Walking through the hallowed corridors of Stamford Bridge — the home of English giants Chelsea Football Club in London — four weeks ago, 38-year- old Thulani “Biya” Ncube for a moment wished he had got the chance to play there during his football career. By Munyaradzi Madzokere

If it was not for a nagging knee injury that forced him to retire at the age of 29, maybe he would have broken into some of Europe’s big leagues. However, the fact that he is a legendary figure in Zimbabwe football gives him great comfort.

A rock-solid defender who loved to surge forward into enemy territory, and a great passer of the ball, Ncube carved his name as part of the all-conquering Highlanders Football Club team of the late 90s that won four consecutive Premier League titles.

Now based in Indianapolis in the United States of America where he is the junior football coach at MC United, he has other dreams to chase.

Standardsport caught up with the former defence stalwart from his US base as he reminisced on his footballing career, as well as sharing his ultimate goal.

“I was at Stamford Bridge recently and that place is very nice. I actually wished I had played there in my career, but sometimes these things happen for a reason,” said Ncube in an exclusive interview.

“For a person who did not have any particular goals other than to just enjoy football, I am happy with what I have achieved in football and if I didn’t get injured early, I would have achieved more,” he said.

The former Warriors captain also wore the armband for the Bosso squad of the late 90s, going into the new millennium that had the likes of Zenzo Moyo, Gift Lunga, Dazzy Kapenya, Siza Khoza, Richard Choruma and Joel Luphala, to name but a few.

His eight-year flirtation in the Highlanders first team, Bosso won an avalanche of titles, including four league championships, Independence Cup 2001 and 2002, Zifa Unity Cup 2001, Cosmos Challenge Cup 1998 and Dairibord Charity Shield 2001, among others.

Starting his football career as a promising 11-year-old goalkeeper for Cambridge United in Gwabalanda before moving to Zimbabwe Saints juniors and eventually Highlanders, Ncube vividly recalls his seniors debut for Bosso.

“My first appearance was against Blackpool. I cannot remember the exact year, but that time they had a good team. I remember I was marking Collins Kabote and it was not a good game for me. I was just 18 years old at that time,” he said.

But he would, however, grow to become undoubtedly one of the best defenders in the country, representing the Warriors at least 17 times.

“Playing for Zimbabwe meant a lot to me because I had the chance to play with people like Peter Ndlovu and Norman Mapeza — those two are among my top five best players to ever come out of Zimbabwe,” the former Inyanda High School student said.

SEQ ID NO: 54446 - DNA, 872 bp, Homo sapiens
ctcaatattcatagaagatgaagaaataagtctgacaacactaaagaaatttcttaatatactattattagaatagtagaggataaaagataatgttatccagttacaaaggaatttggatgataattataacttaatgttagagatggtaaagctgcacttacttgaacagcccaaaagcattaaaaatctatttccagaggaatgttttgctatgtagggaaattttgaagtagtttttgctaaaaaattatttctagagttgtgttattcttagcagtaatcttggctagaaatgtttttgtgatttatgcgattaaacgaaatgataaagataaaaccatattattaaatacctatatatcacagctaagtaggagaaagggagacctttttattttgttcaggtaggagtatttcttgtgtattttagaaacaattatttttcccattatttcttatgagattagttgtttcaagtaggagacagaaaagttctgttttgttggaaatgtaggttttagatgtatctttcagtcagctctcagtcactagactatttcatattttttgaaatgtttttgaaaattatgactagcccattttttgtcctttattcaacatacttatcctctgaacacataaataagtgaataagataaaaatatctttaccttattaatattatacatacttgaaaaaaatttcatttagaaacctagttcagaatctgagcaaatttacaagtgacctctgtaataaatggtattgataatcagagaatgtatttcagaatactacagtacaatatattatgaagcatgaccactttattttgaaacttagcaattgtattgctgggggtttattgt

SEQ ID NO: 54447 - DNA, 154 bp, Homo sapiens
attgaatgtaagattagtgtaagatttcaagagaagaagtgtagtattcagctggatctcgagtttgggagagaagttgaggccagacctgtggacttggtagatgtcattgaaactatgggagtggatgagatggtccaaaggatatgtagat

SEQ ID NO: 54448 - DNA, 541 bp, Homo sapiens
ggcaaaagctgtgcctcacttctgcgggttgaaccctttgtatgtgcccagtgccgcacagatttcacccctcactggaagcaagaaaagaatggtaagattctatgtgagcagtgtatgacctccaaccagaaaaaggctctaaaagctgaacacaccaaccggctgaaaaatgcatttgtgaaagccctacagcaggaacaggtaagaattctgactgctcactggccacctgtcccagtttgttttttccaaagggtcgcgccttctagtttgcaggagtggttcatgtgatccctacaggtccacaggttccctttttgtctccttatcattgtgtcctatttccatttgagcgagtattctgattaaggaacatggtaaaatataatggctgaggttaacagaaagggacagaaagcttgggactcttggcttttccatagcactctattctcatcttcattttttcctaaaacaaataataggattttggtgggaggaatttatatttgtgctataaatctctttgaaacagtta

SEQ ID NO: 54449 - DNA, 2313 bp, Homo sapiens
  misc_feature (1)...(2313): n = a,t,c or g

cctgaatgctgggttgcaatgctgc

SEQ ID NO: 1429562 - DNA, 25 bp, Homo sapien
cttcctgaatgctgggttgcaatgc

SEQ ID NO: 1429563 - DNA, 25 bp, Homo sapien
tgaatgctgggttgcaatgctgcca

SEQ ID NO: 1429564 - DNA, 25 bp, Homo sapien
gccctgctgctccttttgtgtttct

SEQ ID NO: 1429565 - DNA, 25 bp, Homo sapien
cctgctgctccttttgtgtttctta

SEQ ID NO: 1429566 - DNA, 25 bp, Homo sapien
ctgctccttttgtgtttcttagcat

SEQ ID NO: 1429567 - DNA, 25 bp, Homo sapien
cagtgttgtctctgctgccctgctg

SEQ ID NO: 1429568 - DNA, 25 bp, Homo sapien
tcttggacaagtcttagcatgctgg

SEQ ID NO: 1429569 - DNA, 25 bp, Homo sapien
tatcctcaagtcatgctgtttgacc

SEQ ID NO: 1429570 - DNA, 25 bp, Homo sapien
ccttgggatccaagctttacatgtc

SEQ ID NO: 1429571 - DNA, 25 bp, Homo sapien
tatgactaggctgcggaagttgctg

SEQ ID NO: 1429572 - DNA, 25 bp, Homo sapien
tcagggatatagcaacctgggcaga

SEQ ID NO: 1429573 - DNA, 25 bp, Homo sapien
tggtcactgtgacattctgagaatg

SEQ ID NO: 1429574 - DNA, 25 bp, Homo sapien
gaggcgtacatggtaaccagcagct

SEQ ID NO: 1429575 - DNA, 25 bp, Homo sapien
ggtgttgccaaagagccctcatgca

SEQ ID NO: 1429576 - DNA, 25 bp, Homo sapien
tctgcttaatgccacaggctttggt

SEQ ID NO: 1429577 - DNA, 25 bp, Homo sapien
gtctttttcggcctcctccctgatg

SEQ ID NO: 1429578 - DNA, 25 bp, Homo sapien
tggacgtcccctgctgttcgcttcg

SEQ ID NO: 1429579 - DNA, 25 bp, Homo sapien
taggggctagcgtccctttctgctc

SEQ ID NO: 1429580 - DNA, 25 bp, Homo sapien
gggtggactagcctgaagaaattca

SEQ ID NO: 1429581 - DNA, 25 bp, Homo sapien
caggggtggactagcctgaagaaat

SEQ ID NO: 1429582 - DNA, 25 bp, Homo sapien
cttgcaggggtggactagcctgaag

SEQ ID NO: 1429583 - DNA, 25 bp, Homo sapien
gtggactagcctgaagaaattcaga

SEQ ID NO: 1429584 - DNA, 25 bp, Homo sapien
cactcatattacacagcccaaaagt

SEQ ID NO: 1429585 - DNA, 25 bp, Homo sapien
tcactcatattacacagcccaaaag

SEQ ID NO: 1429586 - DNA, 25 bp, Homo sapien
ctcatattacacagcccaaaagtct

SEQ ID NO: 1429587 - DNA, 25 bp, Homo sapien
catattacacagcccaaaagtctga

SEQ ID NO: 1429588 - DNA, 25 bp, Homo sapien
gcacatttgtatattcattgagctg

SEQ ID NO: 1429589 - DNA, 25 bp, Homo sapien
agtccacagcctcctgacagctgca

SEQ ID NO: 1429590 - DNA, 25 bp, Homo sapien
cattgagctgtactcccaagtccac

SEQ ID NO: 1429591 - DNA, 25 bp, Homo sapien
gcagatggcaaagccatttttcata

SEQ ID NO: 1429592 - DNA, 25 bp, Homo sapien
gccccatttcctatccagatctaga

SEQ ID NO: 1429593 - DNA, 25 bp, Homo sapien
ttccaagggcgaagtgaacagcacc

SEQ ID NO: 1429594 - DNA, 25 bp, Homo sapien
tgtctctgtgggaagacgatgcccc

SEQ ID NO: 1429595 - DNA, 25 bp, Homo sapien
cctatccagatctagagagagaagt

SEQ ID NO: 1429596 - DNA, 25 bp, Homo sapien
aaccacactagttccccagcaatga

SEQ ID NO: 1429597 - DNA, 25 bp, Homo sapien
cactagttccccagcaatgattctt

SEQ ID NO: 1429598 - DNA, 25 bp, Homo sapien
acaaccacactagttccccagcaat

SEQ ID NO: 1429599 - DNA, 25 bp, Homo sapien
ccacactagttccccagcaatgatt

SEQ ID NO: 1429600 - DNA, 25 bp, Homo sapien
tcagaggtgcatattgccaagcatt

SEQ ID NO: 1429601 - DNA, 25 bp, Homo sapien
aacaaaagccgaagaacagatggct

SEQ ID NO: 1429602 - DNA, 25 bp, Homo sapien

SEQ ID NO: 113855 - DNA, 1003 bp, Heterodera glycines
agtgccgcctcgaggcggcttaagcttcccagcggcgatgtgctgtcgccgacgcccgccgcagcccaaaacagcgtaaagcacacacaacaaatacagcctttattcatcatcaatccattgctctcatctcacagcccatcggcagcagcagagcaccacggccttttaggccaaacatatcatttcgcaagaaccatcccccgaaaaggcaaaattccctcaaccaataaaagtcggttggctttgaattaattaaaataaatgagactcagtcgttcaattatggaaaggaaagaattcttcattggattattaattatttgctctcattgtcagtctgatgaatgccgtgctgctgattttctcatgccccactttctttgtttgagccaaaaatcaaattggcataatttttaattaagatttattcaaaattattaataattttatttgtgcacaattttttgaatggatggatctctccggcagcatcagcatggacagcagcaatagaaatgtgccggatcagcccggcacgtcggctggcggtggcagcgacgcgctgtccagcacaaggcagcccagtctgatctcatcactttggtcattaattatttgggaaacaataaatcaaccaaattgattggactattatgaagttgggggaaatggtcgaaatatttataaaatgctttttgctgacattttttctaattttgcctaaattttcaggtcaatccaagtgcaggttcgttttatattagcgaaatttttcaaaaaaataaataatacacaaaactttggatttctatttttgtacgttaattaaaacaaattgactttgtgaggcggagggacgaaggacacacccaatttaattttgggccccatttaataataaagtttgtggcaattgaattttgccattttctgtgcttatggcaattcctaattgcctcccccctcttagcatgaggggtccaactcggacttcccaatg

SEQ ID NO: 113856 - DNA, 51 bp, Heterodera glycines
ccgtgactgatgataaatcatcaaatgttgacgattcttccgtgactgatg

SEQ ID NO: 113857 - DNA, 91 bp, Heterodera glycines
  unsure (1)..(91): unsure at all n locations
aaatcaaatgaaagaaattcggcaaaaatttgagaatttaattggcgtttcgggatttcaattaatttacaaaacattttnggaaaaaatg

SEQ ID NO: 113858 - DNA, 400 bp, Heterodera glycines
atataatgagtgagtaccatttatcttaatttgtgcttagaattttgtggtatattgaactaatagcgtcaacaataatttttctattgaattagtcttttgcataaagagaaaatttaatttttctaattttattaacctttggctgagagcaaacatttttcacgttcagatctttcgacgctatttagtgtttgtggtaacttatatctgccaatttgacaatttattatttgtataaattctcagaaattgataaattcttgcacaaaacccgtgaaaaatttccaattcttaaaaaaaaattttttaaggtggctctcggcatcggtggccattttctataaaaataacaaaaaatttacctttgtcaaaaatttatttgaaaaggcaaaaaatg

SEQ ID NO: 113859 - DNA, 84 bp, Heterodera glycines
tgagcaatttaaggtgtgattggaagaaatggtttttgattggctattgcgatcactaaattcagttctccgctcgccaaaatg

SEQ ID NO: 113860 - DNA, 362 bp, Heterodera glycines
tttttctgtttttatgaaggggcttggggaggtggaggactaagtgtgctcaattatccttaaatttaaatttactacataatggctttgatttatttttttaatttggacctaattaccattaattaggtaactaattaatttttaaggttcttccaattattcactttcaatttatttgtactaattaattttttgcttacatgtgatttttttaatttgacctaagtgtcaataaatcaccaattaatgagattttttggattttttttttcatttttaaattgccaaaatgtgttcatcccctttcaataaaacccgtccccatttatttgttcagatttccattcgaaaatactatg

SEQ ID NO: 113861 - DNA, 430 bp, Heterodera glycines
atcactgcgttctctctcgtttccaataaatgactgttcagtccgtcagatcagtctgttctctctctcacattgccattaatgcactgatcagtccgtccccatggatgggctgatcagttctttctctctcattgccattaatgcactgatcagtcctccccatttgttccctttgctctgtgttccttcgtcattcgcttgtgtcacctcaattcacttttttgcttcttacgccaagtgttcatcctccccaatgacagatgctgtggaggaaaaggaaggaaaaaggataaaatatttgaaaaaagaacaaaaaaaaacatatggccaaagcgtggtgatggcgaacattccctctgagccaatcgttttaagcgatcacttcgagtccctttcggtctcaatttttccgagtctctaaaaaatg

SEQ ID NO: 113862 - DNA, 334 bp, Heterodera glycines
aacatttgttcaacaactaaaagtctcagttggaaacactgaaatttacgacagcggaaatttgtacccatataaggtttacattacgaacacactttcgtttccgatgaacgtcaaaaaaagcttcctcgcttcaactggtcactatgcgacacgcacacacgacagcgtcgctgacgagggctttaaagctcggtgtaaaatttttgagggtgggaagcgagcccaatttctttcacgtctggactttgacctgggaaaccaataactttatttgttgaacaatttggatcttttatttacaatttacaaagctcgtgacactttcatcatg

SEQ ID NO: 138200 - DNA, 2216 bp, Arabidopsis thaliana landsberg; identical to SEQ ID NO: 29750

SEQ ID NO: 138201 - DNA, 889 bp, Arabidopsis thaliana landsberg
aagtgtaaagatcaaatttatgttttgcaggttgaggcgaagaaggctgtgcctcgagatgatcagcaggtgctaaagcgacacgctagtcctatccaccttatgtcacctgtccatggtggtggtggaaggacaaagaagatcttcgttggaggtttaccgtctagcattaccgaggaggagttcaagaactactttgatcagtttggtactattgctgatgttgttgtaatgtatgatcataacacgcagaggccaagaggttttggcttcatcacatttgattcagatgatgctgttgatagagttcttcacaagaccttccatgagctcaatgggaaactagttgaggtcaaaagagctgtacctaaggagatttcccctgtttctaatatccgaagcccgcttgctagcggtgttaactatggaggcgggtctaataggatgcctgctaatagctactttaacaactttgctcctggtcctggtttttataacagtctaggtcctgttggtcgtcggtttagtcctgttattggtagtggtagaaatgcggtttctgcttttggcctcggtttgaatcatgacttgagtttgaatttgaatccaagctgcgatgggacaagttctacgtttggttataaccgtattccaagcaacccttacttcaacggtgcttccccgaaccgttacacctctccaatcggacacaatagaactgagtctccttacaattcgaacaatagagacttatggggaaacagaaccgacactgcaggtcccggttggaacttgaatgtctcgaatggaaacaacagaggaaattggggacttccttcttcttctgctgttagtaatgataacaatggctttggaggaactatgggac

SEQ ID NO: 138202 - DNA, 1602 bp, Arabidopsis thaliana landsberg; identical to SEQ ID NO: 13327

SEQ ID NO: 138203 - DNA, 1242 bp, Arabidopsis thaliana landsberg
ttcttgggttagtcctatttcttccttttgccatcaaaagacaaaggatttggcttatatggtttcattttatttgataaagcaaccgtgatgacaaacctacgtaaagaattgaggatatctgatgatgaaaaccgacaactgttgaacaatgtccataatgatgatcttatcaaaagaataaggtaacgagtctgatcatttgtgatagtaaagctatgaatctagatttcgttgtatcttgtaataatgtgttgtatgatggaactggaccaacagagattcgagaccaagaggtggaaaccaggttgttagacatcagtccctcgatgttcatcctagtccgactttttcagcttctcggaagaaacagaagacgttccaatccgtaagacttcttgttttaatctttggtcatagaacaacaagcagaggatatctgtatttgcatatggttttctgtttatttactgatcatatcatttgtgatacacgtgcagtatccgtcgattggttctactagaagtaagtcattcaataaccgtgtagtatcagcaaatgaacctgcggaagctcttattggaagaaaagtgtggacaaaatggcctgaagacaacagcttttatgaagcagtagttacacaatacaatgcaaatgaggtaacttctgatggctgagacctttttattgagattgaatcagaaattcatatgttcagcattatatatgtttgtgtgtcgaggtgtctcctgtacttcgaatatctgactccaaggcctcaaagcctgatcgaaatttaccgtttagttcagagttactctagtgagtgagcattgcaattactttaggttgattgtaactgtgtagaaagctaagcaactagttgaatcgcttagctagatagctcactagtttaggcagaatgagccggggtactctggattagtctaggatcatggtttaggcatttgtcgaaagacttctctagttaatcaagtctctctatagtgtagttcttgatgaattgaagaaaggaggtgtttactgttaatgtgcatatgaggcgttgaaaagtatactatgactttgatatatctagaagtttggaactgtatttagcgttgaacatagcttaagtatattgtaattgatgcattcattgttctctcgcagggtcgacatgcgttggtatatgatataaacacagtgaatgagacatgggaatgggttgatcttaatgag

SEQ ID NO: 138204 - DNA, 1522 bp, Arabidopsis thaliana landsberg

What most people never got to know about Ncube is the fact that he always had a soft spot for Bosso’s bitter rivals, Dynamos, despite the fact that he perpetually put up a man of the match performance each time he played the team he secretly adored.

“When I was young, blue was my favourite colour, so it was only natural that I would support Dynamos and up to now, I still like Dynamos. Most of my best games were against Dynamos because I had good friends like Desmond Maringwa there, so when you lost such a game you would hear about it all week when we went to the Warriors camp,” he said.

After leaving Bosso in 2002, Biya joined the great trek to South Africa where he turned out for Ajax Cape Town before moving to American side Cape Cod Crusaders, then coached by Methembe Ndlovu, where he eventually retired due to a recurring knee injury.

Ncube was recently in the country where he was overseeing the fourth edition of the Thulani “Biya” Ncube and Friends junior football tournament in Bulawayo.

“I started the tournament four years ago just to give back to the community in which I grew up. There are a lot of people in that community who helped and supported me early in my career and I also want to do the same,” he said.

“My dream now is to have a very big football academy in Zimbabwe and help all those kids with talent. We have people like Alois Bunjira, Stanley Chirambadare and Isaac Mbedzi already doing a good job there.”

Another issue close to his heart that he shared is the current reputation of Bulawayo giants, Highlanders — the team that he represented with iconic distinction, but which has become a pale shadow of its former self.

“It’s very sad to see a big institution such a Highlanders struggling as they are doing. Personally, I think Bosso should go back to junior policy. When I started playing for the first team, most of the players I played with had graduated from the Under-18s and it worked in our favour,” he said.

Ncube reckons that Rahman Gumbo remains the best coach he has played under, while the late Willard Mashinkila Khumalo had always been his role model from the time he was a just a boy.

Born on September 21 1977 in Pelandaba, Bulawayo, Ncube — who has three children Ashley (13), Banele (11) and Mario (4) — is grateful to football for giving him a livelihood and for opening opportunities he may never have dreamt of.

If it was not for football, he might not have had the opportunity to meet his favourite coach Jose Mourinho while attending a coaching course at Stamford Bridge a few weeks ago.

While he does not remember where the name Biya came from, it’s a name that is greeted with nods of appreciation by every football fan that has had the privilege to see the big defender play.

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